There have been a ton of posts already about the tragic death on Lake Superior of Kevin Dammen.
The media has covered this event from different angles, and even CASKA’s Tom Bamonte’s post did an excellent job of elucidating the dual-nature of our sport.
One thing that continues to strike me each time there is a new death on the Great Lakes in the sport of kayaking is that the media asks a series of questions, which are invariably the wrong questions. Where was the paddler headed? Who was with them? How cold was the water? What was the weather like? And if the reporter is especially ambitious they might ask how much experience the paddler had. These are all good questions that help fill in the story for a local paper. But it does point at a larger gap in the understanding of fatal kayaking incidents. They certainly never ask if the kayaker had a skirt on the kayak, which may not have been the case with Kevin. The never ask if the kayaker could roll, perform a self-rescue, or a t-rescue? They never ask if the kayaker attended any ACA/BCU training session.
My aha moment is that according to non-paddlers, the media, search and rescue from the DNR, police, and Coast Guard it seems to be based around the idea that kayakers are essentially un-powered boaters. This intuitive or cognitive leap may sound like no big deal, but stick with me.
Interestingly I called the Wisconsin DNR after they did a nice write up to try and inform paddlers about potential risks. Though from my point of view, the article from the DNR achieved more from the point of view of body recovery in a search and rescue than it did in preventing incidents from occurring.
The Wisconsin DNR essentially told me that in search and rescue, their reporting of incidents is based around power boating. How many hours had the victim/pilot logged, and so forth, but nothing in the details about paddling experience, or skills. While this is an after the fact record of the details, it does illuminate that much of the focus on safety and searches revolves around power boating for the Wisconsin DNR. Sounds fair as this is the majority of the boating activity. Kayaks and Canoes make up a smaller portion of recreational boating.
From my trips to Bayfield the National Park Service does ask some very good questions of paddlers headed out to the Apostle Islands. How long are you staying? Where will you be each night? Do you know about the bears? Do you know how cold the water is? They may even ask if you have a wetsuit or a drysuit. Because a kayak sits in the water and the paddler is literally inches above the water, we are more half-swimming than we are half-boating. The types of questions asked of a kayaker do not probe into the nature of our sport. Doug Van Doren has a saying that boaters like boats, and kayakers like the water.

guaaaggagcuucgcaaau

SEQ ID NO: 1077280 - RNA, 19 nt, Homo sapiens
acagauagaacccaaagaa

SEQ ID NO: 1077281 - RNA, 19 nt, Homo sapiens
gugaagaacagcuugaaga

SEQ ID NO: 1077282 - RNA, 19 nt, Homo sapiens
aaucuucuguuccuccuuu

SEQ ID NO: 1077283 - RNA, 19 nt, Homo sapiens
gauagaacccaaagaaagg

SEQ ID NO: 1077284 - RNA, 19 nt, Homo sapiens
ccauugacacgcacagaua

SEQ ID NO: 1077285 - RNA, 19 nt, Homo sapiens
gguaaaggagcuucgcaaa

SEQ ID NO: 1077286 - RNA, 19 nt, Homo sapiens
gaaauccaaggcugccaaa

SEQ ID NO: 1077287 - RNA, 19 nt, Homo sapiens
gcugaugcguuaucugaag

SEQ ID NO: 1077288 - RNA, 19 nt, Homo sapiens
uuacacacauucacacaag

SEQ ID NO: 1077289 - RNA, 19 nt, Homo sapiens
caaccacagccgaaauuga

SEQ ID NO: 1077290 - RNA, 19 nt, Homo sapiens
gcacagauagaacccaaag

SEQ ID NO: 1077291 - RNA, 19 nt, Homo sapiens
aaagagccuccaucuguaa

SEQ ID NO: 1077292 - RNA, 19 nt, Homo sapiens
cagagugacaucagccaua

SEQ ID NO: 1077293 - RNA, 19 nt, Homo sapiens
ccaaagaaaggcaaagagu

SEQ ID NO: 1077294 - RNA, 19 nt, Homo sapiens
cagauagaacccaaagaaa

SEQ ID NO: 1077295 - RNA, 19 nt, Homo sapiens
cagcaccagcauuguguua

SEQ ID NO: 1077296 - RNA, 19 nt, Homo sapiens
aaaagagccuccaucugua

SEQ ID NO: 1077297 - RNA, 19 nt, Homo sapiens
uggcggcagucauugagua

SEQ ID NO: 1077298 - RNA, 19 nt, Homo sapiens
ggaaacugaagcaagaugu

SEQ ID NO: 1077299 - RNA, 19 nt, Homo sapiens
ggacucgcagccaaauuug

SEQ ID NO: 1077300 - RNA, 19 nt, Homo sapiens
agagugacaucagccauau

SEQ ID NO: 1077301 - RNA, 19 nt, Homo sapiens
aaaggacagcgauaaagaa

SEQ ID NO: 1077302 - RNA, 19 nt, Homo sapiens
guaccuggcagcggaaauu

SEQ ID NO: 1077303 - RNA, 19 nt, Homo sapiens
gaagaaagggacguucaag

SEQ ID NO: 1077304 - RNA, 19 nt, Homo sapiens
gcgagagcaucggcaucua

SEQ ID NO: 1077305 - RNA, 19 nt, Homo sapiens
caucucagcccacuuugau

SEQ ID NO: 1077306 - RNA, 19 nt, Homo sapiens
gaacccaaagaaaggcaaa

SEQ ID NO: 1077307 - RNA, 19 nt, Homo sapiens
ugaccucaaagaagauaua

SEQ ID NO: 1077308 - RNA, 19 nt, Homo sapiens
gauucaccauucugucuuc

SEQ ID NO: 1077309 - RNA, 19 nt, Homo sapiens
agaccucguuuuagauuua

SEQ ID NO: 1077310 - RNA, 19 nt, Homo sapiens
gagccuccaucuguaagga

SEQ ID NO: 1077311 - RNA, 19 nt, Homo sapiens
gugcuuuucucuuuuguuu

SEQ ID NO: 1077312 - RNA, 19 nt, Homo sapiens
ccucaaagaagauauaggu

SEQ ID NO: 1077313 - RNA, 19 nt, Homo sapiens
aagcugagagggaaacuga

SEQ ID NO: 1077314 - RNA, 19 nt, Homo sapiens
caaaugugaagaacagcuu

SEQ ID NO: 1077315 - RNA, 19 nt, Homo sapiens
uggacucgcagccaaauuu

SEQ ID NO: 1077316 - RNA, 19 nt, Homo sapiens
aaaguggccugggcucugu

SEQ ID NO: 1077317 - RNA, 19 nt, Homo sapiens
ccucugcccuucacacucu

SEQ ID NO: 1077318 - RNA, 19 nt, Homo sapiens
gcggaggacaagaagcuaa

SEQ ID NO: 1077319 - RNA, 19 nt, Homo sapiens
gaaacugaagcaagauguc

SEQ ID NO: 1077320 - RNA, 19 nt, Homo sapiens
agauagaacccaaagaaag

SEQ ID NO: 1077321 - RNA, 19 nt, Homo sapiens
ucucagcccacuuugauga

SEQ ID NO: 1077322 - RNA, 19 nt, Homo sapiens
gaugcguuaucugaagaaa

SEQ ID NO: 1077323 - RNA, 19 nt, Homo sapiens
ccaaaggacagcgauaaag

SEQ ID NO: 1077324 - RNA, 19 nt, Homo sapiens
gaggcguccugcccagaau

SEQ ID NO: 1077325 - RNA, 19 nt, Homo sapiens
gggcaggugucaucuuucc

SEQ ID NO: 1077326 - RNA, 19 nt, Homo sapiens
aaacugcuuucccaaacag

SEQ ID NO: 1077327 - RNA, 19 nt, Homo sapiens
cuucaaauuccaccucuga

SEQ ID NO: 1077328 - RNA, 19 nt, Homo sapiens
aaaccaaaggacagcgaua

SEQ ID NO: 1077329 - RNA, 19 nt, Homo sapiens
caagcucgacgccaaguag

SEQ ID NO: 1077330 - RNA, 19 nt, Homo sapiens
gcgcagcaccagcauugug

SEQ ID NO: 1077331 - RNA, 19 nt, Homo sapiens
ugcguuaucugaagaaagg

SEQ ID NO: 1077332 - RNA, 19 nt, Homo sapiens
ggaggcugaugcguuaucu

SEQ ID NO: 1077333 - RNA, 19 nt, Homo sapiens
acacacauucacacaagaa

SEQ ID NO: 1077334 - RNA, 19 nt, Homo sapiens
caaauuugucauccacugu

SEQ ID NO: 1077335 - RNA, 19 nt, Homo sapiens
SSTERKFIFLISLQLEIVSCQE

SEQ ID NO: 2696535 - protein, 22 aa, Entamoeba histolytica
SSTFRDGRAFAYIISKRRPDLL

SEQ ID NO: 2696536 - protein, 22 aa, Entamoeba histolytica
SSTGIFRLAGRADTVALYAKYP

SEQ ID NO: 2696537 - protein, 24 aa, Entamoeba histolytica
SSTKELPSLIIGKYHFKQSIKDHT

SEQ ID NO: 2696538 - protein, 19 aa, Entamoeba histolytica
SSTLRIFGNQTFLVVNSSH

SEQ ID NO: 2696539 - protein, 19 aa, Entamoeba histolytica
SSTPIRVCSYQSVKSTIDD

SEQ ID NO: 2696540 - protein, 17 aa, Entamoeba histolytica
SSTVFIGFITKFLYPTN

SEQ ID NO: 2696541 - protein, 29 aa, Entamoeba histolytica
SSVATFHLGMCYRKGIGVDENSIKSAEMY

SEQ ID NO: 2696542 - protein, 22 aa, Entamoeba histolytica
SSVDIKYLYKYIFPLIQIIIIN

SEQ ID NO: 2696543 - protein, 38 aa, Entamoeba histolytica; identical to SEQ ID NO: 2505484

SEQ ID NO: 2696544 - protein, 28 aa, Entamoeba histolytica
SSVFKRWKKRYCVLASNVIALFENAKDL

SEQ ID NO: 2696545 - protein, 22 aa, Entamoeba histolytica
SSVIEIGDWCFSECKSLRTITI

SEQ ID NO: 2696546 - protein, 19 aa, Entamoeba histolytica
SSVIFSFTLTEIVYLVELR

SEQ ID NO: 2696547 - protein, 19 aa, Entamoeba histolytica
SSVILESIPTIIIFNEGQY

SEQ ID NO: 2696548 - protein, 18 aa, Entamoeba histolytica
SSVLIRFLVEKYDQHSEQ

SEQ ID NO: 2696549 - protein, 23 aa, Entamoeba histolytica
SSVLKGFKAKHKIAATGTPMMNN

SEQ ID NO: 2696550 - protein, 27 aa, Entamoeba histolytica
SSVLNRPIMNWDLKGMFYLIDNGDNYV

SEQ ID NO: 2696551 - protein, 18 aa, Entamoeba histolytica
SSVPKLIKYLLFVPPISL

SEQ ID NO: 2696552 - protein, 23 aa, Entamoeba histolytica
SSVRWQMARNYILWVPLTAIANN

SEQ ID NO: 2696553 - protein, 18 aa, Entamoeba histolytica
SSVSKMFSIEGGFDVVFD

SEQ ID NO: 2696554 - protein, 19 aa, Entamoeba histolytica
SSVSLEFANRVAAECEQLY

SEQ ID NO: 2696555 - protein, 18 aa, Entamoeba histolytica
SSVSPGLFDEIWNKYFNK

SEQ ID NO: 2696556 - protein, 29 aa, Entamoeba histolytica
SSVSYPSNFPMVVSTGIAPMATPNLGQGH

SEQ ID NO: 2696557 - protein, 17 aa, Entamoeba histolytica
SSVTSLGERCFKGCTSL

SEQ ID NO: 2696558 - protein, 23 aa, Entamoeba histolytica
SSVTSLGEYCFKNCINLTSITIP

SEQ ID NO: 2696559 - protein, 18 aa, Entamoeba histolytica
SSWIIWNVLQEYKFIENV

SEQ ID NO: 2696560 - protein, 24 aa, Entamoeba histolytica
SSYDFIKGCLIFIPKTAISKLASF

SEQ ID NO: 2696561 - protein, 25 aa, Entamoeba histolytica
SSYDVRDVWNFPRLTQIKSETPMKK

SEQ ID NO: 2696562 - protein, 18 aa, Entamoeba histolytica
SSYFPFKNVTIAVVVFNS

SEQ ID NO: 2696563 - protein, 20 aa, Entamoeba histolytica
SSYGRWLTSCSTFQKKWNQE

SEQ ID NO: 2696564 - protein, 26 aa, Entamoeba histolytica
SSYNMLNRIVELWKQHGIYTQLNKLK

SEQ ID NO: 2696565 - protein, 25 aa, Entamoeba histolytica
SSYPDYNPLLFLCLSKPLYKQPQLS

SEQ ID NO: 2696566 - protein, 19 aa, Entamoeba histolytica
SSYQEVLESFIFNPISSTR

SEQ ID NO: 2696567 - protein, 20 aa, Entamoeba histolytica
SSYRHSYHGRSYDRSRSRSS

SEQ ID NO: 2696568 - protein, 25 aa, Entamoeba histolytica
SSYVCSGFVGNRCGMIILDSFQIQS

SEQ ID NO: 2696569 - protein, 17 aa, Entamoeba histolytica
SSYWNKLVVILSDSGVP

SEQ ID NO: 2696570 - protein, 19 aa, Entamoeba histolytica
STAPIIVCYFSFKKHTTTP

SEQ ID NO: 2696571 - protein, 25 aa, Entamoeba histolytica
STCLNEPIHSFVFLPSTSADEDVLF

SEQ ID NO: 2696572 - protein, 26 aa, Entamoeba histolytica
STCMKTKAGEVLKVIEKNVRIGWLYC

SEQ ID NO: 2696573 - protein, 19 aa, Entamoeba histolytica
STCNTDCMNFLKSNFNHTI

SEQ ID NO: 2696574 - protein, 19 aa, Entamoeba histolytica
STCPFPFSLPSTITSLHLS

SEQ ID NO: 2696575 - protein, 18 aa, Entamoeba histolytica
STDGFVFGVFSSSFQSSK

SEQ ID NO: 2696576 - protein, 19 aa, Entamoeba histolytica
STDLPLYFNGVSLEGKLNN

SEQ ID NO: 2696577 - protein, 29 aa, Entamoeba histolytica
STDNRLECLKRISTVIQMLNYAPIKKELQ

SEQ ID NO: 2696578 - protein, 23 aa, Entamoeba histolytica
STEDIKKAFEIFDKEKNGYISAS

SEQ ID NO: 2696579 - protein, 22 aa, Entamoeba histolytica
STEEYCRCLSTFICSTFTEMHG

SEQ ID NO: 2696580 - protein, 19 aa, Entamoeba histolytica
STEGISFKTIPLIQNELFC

I can say from my time in kayaking that I do not care for big boats, I like to get wet. Staying dry is not part of my interest in the sport. Certainly kayak surfing has taught me plenty about the eventuality of a swim, more than the unlikelihood of a swim. Based on this thought process even the basic safety propositions from inexperienced paddlers and the National Park Service fails to address this fundamental conceptual difference in our sport, our passion and our safety. We are a unique in that we are both endurance athletes and a skill-centric sport. This isn’t to say that sailing/powerboating don’t have their skills, but there is certainly a very different level of emphasis.
If we understand our safety from a perspective of being half-swimming everywhere we go with a paddle, the Great Lakes begin to look a little different. Perhaps more ominous, bigger, and less friendly, but maybe this helps clarify our abilities.
My question to Great Lakes Sea Kayakers is this:
If we were to offer a new series of questions for the National Park Service to ask before they turned kayakers loose on Lake Superior to do overnight trips in the Apostle Islands, what would it be?
In the spirit of Kayak Quixotica’s Kayaker Peer Review post, what would this series of questions look like from our community. I will be calling the National Park Service and suggesting a list to propose to the park and I’d love to hear your feedback.
Picture if a Park Ranger asked you these questions prior to your Apostle Islands Trip. Not to prevent you from doing a trip, but to inform you of the risks.
- Do you have the ability to receive weather updates either on land or on the water during your trip? From a Marine VHF radio or wireless device?
- Are you able to self-rescue your kayak with either an eskimo-roll, or a cowboy re-entry in rough water
- Can you perform a t-rescue for a companion that has exited their kayak in deep water?
- Does your kayak have a sprayskirt to keep water from entering the cockpit?
- Does your kayak have bulkheads fore and aft to keep it from sinking should you swim while at sea?
- Does your kayak have full static rescue lines to allow for a tow? Does anyone in your group possess and know how to use a tow-belt?
- Do you have immersion protection to adequately protect you against the current air and water temps?
- Do you have a signaling device to call for aid? Radio, cell-phone, flares, smoke?
- What is your groups collective decision process for go/no go based on risk factors such as cliffs, waves, wind, and temperatures?
- How far can you paddle a day in winds at five knots, ten knots, fifteen knots? etc.
There will always be those who will not care about these questions and proceed anyway. However I would argue that if a beginning group with any common sense heard this at the ranger station they might make some decisions differently.
What’s your checklist?